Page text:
|A Fine Large English Sailor's Woolie with letters GEG on Banner,
The sailor's woolwork picture of a third rate ship of the line depicts the ship sailing at sea, homeward bound, on still dark blue water. The sky depicted in various shades of blue and white. The woolie is in an unusual upright form created in a tight long stitch. Above the ship is a red banner with the initials GEG.
In the British Royal Navy, a third-rate was a ship of the line mounting 64 to 80 guns, typically built with two gun decks (thus the related term two-decker).
When the rating system was first established in the 1670s, the third rate was defined as 70 guns, with second-rates having 90 guns, and fourth-rates 5460 guns. As time passed, and different ships were built with greater or fewer numbers of guns, the term was expanded to include the whole range from 64 to 80. They carried between 500 and 720 men.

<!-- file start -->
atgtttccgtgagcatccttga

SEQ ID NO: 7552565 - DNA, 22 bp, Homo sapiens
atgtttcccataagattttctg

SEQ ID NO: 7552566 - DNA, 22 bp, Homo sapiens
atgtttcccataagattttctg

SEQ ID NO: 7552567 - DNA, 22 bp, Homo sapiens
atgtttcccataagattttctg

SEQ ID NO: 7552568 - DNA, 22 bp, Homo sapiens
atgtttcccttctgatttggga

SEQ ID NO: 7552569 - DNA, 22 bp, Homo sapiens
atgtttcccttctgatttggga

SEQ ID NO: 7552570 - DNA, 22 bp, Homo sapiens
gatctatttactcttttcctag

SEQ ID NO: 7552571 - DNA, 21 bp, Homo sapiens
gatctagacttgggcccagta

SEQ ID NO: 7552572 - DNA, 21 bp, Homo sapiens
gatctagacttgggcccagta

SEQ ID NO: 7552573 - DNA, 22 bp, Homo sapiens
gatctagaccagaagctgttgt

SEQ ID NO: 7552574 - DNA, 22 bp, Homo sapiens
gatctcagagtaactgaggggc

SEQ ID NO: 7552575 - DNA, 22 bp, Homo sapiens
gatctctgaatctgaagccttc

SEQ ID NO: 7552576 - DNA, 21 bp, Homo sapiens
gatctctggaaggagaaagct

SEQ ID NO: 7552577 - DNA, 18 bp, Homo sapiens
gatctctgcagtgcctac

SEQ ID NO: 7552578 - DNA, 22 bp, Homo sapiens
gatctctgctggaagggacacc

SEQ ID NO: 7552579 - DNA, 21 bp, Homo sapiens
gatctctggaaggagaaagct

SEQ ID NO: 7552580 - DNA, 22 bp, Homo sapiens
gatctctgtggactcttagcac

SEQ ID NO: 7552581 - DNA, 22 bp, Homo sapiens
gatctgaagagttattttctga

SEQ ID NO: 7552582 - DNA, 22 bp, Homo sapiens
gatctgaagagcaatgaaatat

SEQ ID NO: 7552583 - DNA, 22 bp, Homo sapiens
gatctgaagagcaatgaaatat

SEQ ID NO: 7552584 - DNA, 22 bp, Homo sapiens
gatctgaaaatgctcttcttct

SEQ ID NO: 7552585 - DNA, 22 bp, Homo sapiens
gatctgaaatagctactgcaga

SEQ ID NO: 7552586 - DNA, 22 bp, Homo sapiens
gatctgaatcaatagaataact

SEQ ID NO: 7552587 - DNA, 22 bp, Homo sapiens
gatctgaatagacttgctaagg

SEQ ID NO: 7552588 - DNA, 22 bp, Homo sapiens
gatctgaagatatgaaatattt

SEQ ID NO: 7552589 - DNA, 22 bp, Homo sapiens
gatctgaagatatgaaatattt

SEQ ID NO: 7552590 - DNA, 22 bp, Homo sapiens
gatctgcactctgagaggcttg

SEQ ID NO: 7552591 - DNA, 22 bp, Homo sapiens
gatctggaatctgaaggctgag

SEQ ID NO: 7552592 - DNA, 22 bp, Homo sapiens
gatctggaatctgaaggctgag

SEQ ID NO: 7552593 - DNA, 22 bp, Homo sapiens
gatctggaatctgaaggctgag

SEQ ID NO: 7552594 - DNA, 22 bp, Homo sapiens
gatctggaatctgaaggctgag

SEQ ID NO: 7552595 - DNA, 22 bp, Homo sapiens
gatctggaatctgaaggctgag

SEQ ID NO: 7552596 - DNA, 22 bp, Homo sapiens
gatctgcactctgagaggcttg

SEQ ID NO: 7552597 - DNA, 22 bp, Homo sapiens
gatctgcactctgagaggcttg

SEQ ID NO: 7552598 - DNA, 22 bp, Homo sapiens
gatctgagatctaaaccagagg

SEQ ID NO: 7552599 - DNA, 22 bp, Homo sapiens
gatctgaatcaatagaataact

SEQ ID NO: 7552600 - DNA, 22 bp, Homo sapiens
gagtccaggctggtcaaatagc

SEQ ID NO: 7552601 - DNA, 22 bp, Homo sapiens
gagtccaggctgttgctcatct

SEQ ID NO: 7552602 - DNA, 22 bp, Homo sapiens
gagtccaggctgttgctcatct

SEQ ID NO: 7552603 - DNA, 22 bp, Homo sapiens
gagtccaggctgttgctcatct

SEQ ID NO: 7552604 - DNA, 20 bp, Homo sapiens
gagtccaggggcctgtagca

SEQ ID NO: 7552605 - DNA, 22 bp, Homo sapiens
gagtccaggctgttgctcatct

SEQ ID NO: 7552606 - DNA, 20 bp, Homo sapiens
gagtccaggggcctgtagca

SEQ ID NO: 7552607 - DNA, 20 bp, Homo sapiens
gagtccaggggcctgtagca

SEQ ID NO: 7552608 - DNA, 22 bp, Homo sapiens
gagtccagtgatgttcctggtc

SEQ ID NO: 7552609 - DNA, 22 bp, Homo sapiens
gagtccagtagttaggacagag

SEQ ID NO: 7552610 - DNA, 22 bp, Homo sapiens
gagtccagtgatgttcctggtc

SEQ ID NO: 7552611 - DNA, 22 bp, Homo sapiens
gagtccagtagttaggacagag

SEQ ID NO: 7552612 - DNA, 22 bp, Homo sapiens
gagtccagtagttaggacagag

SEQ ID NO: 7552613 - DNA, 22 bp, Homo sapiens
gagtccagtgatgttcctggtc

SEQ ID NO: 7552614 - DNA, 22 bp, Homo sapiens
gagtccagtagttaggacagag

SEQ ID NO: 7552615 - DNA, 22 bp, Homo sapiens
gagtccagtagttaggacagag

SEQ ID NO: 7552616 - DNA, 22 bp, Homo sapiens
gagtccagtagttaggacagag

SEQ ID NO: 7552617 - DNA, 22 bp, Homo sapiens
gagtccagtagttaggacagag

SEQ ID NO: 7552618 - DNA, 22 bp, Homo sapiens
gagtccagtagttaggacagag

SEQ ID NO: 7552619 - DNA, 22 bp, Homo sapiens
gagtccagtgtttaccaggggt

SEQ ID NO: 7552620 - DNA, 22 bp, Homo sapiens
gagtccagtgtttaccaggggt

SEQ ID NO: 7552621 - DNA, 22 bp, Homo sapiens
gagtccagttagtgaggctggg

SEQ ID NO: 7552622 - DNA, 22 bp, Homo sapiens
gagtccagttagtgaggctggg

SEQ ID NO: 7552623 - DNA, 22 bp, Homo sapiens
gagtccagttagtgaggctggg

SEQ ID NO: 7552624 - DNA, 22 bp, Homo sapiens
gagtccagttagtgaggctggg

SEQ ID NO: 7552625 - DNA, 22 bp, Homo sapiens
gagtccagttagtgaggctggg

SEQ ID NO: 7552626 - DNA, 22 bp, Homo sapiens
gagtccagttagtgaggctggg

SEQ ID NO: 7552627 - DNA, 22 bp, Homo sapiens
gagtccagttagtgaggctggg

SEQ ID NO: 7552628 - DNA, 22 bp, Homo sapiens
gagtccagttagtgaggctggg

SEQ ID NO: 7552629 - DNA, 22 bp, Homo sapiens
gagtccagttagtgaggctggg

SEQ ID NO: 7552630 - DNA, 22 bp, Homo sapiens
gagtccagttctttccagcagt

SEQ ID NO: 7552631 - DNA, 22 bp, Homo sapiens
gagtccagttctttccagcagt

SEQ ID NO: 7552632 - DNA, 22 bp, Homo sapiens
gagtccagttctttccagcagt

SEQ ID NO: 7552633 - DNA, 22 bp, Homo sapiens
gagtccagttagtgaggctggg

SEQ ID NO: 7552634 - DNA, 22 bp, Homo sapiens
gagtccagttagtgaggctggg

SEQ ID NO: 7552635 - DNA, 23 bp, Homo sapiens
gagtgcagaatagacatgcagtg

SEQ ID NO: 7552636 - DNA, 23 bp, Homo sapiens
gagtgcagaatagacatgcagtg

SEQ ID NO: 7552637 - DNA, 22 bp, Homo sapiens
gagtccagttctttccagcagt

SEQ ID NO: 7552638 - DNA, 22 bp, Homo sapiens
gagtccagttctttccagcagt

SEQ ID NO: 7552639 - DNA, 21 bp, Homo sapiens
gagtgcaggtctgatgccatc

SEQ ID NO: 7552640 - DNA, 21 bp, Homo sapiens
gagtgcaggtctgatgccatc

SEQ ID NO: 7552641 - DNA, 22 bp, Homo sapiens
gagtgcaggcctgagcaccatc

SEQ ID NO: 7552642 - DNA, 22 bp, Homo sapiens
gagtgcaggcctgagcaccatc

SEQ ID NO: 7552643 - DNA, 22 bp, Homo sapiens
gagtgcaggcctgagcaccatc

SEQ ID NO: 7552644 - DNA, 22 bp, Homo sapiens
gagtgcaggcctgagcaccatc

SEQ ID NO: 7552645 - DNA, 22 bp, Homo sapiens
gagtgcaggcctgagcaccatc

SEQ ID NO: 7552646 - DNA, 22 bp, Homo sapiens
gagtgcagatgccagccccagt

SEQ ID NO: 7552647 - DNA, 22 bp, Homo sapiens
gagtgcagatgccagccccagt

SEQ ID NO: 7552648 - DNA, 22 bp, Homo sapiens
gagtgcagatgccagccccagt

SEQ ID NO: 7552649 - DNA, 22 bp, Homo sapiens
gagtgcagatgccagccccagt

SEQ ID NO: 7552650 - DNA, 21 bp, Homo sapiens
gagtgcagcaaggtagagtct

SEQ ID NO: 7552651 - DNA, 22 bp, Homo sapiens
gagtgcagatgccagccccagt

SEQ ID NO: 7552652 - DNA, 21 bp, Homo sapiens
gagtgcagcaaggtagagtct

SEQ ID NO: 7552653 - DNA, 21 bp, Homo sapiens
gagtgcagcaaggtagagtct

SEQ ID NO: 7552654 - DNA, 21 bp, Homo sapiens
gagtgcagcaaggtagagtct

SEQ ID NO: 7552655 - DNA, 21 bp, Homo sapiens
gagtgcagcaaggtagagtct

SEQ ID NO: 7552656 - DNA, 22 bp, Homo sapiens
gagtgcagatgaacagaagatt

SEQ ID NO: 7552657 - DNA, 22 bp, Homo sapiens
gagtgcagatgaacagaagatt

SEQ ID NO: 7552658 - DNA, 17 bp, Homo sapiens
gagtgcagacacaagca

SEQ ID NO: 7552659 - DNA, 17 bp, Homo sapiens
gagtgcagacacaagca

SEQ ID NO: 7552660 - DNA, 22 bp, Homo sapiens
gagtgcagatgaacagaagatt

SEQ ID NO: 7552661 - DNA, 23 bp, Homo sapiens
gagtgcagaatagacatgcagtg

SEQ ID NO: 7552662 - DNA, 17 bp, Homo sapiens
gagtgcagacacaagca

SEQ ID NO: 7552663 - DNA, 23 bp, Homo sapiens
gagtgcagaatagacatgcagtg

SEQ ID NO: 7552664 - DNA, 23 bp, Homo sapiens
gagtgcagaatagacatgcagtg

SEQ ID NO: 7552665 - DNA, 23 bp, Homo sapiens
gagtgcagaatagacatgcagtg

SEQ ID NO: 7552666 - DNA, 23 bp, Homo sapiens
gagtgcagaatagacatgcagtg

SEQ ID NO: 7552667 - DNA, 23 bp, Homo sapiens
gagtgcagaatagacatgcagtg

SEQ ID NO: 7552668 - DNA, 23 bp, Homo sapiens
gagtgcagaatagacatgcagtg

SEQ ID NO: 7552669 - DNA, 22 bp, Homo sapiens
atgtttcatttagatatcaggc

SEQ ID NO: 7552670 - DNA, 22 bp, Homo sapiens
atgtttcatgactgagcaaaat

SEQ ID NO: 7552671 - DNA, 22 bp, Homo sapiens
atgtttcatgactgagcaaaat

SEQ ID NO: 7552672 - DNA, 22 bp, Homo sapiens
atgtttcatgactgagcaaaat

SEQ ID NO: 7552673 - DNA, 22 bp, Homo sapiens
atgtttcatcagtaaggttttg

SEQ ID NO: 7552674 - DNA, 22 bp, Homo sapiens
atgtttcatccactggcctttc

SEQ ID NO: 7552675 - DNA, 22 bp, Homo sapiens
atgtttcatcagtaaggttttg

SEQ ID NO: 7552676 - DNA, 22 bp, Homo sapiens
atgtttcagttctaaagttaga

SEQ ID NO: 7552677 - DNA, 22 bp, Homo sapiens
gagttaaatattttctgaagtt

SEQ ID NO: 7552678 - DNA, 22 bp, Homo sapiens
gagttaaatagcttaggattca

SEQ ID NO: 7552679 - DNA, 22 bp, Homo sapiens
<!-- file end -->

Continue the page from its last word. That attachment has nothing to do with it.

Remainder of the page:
This designation became especially common because it included the 74-gun ship, which eventually came to be the most popular size of large ship for navies of several different nations. It was an easier ship to handle than a first or second rate ship, but still possessed enough firepower to potentially destroy any single opponent. It was also cheaper to operate.
Although the rating system was only used by the Royal Navy, British authors might still use "third-rate" to speak of a French 74. By the end of the 18th century, the rating system had mostly fallen out of common use, ships of the line usually being characterized directly by their number of guns, the numbers even being used as the name of the type, as in "a squadron of three 74s". |
Earle Vandekar of Knightsbridge Inc.
||19th Century (1801-1900)|
||30 1/2 inches x 28 1/4 inches high.
||Other Inventory by this Dealer|
to view larger